Ham­burg mu­seum shows rel­e­vance of an­cient Silk Road

China Daily (Hong Kong) - - XI'S VISIT - By FU JING in Ham­burg fu­jing@chi­nadaily.com.cn

As diplo­matic ac­tiv­ity reaches a high pitch in Ger­many — with the ar­rival of Pres­i­dent Xi Jin­ping in Ber­lin for a state visit start­ing on Tues­day, to be fol­lowed by the G20 Sum­mit of the lead­ers of ma­jor economies in Ham­burg on Fri­day and Satur­day — one Ger­man mu­seum di­rec­tor is invit­ing the hon­ored guests to take a mo­ment to re­lax with some cul­tural de­lights for the eyes.

A bonus is that the de­lights also re­late to what they are dis­cussing, es­pe­cially in terms of the China-pro­posed Belt and Road Ini­tia­tive.

Peter Tamm, di­rec­tor of the In­ter­na­tional Mar­itime Mu­seum in Ham­burg, is of­fer­ing a dis­play of up to 120 items chron­i­cling the his­tory of China’s mar­itime Silk Road.

“The lead­ers should come to know how dif­fer­ent cul­tures and civ­i­liza­tions con­ducted ex­changes and un­der­stand­ing in an amaz­ingly peace­ful way dur­ing the pe­riod,” Tamm said at the mu­seum, which is in the heart of the port city.

“The items show the un­be­liev­able achieve­ments China made in those years.”

The ex­hi­bi­tion, be­ing held to Septem­ber, was jointly ar­ranged by Tamm’s mu­seum and the Guang­dong Mu­seum of Guang­dong prov­ince. The items will be moved to Rome for ex­hi­bi­tion later this year.

The mar­itime Silk Road ex­hi­bi­tion in­cludes relics and in­for­ma­tion about ship­wrecks, dis­plays about items traded such as porce­lain and plants, and the ev­i­dence of the in­flu­ences that also were car­ried along trade routes such as re­li­gions and cul­tures.

“We are thrilled to have this ex­hi­bi­tion and we are happy that more and more mu­se­um­go­ers are in­ter­ested in Chi­nese cul­ture and Silk Road his­tory,” said Tamm.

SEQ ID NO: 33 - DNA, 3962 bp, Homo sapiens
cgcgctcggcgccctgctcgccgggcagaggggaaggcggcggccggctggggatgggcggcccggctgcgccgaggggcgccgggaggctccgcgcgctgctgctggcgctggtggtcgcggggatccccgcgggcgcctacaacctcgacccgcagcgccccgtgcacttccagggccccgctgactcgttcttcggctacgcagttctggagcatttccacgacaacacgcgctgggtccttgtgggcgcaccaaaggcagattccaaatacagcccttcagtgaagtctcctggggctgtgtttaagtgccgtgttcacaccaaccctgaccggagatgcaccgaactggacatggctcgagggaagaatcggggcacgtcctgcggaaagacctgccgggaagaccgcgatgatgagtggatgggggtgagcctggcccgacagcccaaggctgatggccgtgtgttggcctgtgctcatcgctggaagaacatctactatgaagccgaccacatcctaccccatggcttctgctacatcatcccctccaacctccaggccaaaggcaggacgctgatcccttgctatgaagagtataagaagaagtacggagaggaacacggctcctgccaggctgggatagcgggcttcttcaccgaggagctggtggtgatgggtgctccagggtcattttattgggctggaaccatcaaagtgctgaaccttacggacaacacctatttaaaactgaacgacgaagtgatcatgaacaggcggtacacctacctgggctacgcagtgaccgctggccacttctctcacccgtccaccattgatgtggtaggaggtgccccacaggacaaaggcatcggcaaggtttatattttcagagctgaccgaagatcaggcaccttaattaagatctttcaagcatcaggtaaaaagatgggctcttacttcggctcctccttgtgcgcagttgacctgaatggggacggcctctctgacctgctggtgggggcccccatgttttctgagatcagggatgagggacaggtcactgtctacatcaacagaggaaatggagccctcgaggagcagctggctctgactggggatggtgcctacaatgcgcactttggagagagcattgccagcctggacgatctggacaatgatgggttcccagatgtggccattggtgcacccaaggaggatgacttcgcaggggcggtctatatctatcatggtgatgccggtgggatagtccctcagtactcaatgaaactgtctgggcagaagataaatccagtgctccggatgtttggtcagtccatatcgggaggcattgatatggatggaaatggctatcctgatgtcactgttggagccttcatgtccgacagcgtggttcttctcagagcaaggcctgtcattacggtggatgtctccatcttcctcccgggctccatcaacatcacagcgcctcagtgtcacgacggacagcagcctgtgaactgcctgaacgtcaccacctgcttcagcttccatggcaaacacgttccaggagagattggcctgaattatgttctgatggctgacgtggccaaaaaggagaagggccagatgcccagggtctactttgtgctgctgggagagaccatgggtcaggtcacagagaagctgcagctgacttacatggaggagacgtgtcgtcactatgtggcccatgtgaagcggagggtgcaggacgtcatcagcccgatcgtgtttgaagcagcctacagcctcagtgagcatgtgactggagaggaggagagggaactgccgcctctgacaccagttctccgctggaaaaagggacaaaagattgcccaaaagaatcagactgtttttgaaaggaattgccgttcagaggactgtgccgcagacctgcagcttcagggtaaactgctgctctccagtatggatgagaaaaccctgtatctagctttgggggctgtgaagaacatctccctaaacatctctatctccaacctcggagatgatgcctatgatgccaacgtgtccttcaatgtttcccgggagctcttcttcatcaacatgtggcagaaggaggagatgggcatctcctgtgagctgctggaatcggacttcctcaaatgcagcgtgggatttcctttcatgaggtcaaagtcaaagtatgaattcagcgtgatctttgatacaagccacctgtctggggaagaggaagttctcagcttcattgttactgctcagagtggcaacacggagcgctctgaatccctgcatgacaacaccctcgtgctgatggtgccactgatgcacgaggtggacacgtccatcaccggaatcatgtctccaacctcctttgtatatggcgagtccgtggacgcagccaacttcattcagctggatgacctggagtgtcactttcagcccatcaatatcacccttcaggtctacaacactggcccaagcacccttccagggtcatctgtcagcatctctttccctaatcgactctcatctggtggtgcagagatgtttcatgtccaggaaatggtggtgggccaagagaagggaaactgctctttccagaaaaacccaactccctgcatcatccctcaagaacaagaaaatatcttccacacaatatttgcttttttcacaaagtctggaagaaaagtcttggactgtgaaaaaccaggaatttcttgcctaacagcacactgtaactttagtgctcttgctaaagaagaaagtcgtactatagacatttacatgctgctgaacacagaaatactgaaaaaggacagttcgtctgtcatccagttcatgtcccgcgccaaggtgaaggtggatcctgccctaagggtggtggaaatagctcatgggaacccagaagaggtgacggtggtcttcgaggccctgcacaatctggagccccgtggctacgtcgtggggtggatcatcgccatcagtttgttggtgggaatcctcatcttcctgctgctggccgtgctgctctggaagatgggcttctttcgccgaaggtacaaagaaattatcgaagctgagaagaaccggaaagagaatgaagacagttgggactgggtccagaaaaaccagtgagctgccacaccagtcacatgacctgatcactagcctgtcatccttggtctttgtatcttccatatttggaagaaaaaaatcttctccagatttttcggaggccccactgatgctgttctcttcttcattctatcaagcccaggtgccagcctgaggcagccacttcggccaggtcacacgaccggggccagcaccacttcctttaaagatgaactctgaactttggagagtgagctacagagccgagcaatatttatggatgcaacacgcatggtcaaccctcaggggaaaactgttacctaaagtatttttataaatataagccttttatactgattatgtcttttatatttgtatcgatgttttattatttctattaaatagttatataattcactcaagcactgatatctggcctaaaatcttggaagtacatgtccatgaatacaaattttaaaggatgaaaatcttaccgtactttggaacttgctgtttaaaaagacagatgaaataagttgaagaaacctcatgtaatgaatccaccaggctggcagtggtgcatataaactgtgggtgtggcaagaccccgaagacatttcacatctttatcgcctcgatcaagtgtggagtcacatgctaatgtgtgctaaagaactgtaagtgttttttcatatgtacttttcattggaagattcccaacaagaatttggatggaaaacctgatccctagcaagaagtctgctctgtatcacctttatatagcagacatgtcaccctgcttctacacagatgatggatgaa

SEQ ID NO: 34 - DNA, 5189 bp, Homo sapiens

Tamm, deeply in­volved in ship­ping bro­ker­age, me­dia and cul­ture busi­nesses, said the ex­hibit is ev­i­dence of the in­ter­est that Ger­mans, and Euro­peans in gen­eral, have in Chi­nese his­tory and cul­tures.

Tamm said all the items are trea­sures and he is ex­tremely im­pressed by such unique relics as those from the Nan­hai One, a mer­chant ship that sank off the coast of south­ern China dur­ing the Song Dy­nasty ( 960-1279). The colos­sal ship was among those used to bring China and the rest of world closer by trad­ing — car­ry­ing such goods as porce­lain and coins — and through cul­tural ex­changes.

“They are sym­bolic of a pe­riod in China’s his­tory that is lit­tle known here in Ger­many,” said Tamm. “The routes were used dur­ing the Mid­dle Ages to bring lux­ury goods from China to the Mid­dle East and from there on to Europe,” he said.

Tamm said the ex­hi­bi­tion helps ex­plain the Belt and Road Ini­tia­tive, a pri­mary part of which is the 21st Cen­tury Mar­itime Silk Road.

Tamm’s mu­seum and Guangzhou Mu­seum have also pro­duced a book in Ger­man and English to in­tro­duce the his­tory and items in the ex­hi­bi­tion.

In the preface, Min­is­ter of Cul­ture Luo Shugang, said that through ex­hibits de­pict­ing cul­tural and com­mod­ity ex­changes, relics and un­der­wa­ter archaeology, the ex­hi­bi­tion shows the progress re­al­ized across oceans be­tween dif­fer­ent civ­i­liza­tions in an­cient times.

“I am cer­tain that this ex­hi­bi­tion will con­trib­ute to the fur­ther un­der­stand­ing be­tween China and Ger­many,” Luo wrote.

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